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Technology / AI and automation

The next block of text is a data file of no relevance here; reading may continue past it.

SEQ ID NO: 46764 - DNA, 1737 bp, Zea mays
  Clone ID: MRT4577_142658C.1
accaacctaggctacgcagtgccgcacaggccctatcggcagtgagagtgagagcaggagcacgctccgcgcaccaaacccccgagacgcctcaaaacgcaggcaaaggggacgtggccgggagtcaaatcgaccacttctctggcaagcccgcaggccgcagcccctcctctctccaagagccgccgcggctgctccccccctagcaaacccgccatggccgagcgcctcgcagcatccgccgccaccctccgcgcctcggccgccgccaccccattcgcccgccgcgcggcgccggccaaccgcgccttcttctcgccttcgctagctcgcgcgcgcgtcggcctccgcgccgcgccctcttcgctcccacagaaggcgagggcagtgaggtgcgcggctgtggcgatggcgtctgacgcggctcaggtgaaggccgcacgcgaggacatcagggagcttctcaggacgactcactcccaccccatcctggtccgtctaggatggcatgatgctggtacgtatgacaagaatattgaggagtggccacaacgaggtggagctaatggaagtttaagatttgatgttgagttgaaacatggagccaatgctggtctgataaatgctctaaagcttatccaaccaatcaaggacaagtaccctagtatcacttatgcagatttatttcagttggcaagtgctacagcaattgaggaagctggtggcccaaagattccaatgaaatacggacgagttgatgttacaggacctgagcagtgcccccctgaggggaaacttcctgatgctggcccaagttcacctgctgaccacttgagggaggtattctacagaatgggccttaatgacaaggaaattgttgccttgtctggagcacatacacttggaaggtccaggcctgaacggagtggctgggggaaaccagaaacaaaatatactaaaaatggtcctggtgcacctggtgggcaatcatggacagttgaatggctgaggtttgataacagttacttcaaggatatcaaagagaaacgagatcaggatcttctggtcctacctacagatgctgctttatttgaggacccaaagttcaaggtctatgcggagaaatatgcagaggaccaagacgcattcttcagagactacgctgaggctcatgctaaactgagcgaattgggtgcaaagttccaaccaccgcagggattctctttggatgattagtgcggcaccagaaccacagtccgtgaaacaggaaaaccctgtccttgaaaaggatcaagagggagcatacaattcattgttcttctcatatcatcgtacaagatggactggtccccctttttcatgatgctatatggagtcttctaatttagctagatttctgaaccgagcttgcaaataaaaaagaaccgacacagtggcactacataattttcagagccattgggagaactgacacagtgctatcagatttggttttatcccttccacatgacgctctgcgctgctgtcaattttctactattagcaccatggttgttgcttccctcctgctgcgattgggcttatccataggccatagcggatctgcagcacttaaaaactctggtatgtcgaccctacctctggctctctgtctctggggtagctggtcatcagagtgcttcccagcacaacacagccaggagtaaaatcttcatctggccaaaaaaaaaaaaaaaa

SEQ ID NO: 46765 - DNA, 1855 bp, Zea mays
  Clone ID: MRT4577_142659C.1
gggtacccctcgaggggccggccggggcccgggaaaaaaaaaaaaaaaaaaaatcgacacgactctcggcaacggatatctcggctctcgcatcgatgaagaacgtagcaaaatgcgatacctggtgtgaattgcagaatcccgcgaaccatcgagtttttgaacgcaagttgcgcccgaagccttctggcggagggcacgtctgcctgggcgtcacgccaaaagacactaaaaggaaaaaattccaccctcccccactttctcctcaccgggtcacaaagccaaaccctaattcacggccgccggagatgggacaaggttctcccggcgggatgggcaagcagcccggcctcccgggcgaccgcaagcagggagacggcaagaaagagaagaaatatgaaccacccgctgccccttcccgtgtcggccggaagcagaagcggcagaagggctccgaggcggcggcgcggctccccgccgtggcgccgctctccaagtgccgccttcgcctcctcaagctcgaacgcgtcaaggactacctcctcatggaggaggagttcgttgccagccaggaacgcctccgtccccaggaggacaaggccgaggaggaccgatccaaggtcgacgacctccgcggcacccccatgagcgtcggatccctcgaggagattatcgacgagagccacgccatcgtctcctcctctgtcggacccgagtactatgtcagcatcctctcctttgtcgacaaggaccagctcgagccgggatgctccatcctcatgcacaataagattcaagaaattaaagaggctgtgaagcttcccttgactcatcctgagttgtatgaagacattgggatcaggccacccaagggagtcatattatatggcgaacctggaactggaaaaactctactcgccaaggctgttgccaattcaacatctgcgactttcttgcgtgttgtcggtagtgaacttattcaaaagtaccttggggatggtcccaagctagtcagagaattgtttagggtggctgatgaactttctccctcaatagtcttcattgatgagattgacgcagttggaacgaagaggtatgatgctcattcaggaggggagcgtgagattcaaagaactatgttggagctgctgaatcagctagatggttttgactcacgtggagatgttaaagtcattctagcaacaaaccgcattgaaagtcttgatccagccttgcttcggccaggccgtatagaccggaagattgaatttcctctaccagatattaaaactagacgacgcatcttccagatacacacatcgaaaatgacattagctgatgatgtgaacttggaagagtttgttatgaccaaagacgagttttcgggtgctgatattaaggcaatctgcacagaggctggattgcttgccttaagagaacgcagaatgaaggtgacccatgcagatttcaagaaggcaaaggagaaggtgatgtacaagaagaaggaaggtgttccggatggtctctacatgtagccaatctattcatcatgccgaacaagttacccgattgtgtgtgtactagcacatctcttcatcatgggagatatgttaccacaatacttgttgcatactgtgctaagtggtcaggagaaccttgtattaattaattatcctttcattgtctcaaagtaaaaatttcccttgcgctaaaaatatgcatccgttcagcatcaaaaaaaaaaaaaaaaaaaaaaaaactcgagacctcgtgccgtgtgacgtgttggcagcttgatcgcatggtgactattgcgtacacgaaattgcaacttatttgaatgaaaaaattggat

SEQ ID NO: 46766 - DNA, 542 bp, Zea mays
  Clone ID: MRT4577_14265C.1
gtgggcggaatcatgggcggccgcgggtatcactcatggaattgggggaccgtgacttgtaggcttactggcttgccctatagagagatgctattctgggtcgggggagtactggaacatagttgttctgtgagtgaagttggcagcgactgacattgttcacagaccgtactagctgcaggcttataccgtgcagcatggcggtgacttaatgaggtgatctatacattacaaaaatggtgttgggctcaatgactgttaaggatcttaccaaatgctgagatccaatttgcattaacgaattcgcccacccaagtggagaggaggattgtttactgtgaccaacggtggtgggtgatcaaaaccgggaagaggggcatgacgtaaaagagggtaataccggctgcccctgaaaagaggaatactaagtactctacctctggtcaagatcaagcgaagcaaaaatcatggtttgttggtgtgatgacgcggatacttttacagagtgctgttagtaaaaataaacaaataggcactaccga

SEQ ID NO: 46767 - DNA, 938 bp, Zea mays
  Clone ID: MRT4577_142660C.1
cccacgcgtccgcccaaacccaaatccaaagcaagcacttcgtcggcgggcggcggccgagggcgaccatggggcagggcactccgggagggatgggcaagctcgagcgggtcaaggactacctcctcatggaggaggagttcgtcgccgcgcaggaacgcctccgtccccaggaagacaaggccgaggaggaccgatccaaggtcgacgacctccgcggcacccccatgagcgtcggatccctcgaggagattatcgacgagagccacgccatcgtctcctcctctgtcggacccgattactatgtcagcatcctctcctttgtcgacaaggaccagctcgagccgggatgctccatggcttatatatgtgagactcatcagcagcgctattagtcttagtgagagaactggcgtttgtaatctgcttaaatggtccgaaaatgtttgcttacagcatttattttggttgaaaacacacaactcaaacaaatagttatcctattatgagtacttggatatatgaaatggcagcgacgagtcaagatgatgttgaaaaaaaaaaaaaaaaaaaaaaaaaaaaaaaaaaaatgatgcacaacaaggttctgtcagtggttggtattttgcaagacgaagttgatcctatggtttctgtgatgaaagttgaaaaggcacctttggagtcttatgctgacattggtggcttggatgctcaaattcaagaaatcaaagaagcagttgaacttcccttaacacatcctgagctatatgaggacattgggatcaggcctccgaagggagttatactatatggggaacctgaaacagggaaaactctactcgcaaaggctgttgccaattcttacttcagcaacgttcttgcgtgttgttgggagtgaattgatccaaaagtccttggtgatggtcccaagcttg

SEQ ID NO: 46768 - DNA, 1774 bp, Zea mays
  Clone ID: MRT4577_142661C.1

Dynasty Technologies Inc is staging something of a quiet comeback since being acquired by European Technology and Finance at the end of last year and consolidating to new headquarters in Mountain View, California, claiming it will do some $20m this year compared with $12m-odd in 1996 (CI No 3,048). The company says that it was previously operating almost as three separate companies, with marketing and executive management located in Lisle, Illinois; development in Texas; and an international operating in Europe. Dynasty’s new management team realized the company was never going to be successful trying to follow in the footsteps of Forte Software Inc with me-too three-tier and second generation application development tools. So it’s re- positioning the Dynasty Development Environment as a component- based architecture designed for creating assemble-to-order applications. When it debuts version 3.0 of DDE it’ll take advantage of the all of the component-oriented buzzwords and over time is looking towards a vertically-oriented architecture as it claims to be winning significant business from the broadcast and media industry – from companies such as CBS – retail, financial’ services and telecoms. It expects its solution to play between the specialist job shops building end-to-end solutions to order and the SAP, Baan and PeopleSoft-type applications which effectively ask users to customize stock versions of their software. Dynasty is especially proud of its implementation of Tuxedo OLTP APIs which can be swapped out for its own transaction-based object request broker for in very high-use applications. It reckons the reason why developers can find Dynasty hard to learn is because it requires to do mouse-based application development using components rather than command line coding. It says a poll of its users found the majority didn’t want to company to spend resources on creating a Java version of its server code and C language application generator.

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